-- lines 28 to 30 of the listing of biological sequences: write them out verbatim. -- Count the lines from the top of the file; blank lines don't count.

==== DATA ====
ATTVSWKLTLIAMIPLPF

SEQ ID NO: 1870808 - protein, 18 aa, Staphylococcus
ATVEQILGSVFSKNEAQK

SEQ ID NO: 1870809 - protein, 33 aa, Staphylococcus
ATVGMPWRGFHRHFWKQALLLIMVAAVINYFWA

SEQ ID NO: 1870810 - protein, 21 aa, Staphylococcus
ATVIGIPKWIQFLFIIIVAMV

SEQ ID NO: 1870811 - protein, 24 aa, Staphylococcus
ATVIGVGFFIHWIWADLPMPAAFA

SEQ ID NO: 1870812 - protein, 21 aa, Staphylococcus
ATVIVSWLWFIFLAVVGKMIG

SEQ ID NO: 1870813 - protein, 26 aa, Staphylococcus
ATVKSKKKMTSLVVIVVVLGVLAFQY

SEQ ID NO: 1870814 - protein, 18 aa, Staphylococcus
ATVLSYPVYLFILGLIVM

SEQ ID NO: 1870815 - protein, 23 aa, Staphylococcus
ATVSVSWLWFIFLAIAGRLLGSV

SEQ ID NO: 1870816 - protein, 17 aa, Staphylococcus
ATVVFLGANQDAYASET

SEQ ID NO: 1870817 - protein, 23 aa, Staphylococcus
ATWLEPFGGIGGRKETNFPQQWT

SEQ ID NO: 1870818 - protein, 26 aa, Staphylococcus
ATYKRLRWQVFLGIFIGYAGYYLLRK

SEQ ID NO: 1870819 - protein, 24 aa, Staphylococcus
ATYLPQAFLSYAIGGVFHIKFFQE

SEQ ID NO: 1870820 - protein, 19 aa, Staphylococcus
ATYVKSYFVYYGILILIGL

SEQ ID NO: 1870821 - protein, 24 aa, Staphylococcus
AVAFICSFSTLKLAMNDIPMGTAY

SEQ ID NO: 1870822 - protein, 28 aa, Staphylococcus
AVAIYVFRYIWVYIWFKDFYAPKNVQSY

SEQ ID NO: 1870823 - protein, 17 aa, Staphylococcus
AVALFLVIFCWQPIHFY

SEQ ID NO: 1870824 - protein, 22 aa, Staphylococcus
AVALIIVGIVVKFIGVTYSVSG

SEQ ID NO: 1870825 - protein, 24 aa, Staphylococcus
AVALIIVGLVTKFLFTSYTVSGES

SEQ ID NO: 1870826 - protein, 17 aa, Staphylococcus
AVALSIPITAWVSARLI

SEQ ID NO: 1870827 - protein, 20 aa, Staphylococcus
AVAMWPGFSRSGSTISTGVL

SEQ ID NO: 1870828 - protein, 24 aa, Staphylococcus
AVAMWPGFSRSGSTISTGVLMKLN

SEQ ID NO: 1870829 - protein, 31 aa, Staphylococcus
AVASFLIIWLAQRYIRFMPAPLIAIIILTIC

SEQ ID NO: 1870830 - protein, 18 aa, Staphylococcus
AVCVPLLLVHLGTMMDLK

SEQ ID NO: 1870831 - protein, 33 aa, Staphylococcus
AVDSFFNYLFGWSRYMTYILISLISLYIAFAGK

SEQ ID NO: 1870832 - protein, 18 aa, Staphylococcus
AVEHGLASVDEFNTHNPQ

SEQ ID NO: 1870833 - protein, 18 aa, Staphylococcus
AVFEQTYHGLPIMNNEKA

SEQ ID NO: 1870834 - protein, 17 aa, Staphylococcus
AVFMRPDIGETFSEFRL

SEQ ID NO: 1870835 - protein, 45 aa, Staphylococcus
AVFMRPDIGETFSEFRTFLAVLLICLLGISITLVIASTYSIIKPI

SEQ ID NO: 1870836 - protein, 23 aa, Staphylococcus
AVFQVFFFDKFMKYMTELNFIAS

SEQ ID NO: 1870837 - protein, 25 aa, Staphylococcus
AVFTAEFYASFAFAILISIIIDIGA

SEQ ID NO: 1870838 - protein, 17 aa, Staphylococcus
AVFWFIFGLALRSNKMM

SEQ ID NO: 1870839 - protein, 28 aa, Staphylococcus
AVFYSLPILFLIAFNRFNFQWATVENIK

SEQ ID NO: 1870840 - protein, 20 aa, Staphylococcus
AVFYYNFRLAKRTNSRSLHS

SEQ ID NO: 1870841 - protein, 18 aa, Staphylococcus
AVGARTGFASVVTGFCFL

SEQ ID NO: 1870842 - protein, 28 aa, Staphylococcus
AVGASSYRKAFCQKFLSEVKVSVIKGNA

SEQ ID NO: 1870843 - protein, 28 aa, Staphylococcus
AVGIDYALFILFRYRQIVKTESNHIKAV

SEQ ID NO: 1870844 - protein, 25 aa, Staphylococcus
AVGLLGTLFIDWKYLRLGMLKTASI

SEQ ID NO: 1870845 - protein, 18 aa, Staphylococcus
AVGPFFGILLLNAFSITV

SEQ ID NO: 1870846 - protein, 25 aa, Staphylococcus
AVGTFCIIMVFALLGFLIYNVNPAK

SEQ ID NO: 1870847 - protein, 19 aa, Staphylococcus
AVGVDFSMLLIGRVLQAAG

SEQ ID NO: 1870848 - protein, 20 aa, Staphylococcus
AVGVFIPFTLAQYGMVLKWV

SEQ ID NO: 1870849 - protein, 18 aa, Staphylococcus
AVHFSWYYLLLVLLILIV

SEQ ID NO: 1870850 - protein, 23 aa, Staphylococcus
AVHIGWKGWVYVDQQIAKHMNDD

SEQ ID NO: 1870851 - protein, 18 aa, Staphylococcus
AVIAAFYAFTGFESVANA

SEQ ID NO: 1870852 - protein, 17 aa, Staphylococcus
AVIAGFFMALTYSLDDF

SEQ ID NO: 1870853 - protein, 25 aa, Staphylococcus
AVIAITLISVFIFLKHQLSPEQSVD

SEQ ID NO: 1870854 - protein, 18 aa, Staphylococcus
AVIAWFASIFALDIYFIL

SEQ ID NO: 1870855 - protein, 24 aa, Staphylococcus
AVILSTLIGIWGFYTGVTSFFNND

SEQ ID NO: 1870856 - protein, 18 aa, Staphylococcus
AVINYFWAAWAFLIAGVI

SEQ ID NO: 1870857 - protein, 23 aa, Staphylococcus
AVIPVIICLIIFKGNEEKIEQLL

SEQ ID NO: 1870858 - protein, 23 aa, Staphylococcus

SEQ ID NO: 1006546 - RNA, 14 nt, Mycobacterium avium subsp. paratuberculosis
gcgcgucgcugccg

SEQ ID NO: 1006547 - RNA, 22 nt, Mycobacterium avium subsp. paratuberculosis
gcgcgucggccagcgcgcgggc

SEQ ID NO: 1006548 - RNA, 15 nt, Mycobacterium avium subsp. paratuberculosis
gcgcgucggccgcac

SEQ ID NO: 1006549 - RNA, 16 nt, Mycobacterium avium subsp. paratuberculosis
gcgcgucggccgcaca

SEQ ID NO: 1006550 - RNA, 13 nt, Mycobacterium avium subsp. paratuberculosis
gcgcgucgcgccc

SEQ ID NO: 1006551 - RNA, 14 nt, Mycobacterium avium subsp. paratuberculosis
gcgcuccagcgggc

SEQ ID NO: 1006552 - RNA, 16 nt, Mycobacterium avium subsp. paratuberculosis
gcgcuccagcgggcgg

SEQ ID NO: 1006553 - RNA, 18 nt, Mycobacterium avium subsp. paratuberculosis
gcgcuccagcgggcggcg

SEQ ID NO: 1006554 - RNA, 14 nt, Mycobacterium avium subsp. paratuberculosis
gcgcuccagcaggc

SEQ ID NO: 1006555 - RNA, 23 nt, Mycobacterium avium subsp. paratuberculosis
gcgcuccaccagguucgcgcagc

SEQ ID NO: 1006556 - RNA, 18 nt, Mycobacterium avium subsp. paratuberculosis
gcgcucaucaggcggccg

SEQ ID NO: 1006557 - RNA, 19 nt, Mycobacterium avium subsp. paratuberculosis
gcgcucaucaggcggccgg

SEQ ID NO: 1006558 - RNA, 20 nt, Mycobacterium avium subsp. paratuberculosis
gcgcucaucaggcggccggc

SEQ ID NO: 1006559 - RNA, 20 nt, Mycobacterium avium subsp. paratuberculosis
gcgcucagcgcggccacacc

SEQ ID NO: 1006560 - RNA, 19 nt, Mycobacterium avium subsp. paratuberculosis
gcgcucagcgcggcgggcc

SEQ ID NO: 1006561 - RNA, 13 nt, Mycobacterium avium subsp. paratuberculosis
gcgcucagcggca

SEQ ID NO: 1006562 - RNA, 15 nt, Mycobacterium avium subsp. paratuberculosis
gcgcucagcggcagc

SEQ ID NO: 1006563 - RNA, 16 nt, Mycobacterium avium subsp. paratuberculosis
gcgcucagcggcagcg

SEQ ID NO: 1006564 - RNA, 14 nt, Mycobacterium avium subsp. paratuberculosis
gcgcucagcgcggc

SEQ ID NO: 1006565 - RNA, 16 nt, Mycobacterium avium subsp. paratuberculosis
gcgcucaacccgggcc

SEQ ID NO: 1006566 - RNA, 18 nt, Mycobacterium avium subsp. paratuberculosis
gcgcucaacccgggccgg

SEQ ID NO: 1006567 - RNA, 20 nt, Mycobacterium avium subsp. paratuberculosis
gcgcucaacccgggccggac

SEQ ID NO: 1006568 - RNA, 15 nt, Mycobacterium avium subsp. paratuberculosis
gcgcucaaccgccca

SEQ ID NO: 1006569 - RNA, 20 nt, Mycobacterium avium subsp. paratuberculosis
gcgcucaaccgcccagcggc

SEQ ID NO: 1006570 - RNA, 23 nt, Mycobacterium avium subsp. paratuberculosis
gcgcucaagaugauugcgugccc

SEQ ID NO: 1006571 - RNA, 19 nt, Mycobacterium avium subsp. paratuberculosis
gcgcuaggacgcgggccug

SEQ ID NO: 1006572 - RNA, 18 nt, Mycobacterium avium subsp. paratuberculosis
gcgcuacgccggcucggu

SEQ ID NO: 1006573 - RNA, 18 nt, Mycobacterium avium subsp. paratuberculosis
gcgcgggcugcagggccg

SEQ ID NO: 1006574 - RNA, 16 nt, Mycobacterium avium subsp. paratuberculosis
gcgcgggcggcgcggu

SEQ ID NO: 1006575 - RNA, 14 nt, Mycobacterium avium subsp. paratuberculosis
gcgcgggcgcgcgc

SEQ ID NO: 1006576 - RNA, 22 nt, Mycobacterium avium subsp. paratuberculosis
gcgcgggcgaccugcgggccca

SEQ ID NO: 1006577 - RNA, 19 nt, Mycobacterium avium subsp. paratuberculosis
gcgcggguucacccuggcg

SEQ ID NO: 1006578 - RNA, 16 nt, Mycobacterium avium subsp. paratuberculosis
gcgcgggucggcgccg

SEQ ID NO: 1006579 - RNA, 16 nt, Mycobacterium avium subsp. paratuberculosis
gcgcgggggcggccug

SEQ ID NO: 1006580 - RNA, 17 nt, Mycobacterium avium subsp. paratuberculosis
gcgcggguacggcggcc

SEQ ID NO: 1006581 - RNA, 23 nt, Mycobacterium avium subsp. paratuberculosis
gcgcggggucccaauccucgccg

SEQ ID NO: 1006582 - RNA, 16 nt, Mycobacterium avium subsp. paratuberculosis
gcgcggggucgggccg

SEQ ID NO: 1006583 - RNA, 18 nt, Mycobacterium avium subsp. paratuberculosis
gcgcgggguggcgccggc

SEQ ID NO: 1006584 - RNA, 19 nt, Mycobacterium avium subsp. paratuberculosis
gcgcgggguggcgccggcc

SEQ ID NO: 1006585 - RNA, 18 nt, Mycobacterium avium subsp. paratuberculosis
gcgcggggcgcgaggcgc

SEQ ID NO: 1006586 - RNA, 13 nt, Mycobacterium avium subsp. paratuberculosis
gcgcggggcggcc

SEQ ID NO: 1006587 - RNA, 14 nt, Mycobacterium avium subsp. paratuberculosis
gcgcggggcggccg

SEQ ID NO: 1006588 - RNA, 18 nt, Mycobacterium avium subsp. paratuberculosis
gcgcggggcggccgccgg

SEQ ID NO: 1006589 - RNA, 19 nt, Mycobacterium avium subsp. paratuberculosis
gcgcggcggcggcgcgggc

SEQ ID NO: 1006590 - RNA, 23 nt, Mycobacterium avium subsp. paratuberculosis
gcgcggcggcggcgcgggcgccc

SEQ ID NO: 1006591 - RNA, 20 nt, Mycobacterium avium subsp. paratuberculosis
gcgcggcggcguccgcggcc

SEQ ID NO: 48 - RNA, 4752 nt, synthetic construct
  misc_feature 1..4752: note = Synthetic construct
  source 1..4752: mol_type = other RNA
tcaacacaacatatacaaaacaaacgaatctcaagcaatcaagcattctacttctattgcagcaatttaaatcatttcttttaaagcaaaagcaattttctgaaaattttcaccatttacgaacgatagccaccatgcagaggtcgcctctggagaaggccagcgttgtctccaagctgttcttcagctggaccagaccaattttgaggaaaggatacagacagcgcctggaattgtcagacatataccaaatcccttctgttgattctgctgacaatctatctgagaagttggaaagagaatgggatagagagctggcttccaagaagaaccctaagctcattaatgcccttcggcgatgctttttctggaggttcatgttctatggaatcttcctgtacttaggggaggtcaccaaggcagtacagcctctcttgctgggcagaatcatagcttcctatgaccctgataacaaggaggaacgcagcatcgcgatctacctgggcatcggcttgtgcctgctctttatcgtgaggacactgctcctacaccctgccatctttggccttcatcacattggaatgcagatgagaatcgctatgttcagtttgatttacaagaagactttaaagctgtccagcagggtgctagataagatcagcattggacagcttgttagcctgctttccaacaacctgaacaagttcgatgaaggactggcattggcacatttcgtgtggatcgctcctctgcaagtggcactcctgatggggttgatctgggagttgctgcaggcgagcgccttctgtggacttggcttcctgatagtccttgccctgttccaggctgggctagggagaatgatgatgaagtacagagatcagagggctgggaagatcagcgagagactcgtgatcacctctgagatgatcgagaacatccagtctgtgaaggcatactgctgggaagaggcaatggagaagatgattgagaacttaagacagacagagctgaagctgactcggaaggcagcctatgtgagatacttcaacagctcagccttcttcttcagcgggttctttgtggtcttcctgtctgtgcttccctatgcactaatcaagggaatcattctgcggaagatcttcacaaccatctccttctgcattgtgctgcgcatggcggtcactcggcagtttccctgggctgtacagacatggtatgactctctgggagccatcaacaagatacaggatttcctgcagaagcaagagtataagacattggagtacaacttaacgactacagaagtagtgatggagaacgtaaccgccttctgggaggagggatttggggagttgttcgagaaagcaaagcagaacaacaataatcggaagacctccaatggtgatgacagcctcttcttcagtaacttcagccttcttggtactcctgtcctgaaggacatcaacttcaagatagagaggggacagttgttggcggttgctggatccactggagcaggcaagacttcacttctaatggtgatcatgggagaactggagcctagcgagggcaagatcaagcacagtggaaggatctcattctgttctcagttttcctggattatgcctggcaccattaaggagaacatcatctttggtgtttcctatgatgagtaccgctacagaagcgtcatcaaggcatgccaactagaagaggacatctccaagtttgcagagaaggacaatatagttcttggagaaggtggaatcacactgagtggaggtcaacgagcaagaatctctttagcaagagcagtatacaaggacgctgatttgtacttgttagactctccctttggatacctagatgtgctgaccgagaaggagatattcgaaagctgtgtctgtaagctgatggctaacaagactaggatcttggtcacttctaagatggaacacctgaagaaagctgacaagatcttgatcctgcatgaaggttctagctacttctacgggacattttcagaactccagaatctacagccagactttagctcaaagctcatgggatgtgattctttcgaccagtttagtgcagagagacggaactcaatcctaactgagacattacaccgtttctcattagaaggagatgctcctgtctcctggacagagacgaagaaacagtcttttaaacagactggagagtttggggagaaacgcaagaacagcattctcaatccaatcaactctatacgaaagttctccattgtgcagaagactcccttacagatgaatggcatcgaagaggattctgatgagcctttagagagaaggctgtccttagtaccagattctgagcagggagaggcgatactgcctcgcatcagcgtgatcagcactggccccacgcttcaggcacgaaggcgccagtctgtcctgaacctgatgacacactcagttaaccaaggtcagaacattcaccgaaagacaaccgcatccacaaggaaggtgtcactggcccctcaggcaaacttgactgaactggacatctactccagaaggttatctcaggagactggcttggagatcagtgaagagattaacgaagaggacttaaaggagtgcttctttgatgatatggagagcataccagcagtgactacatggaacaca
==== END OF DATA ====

SEQ ID NO: 1870821 - protein, 24 aa, Staphylococcus
AVAFICSFSTLKLAMNDIPMGTAY

SEQ ID NO: 1870822 - protein, 28 aa, Staphylococcus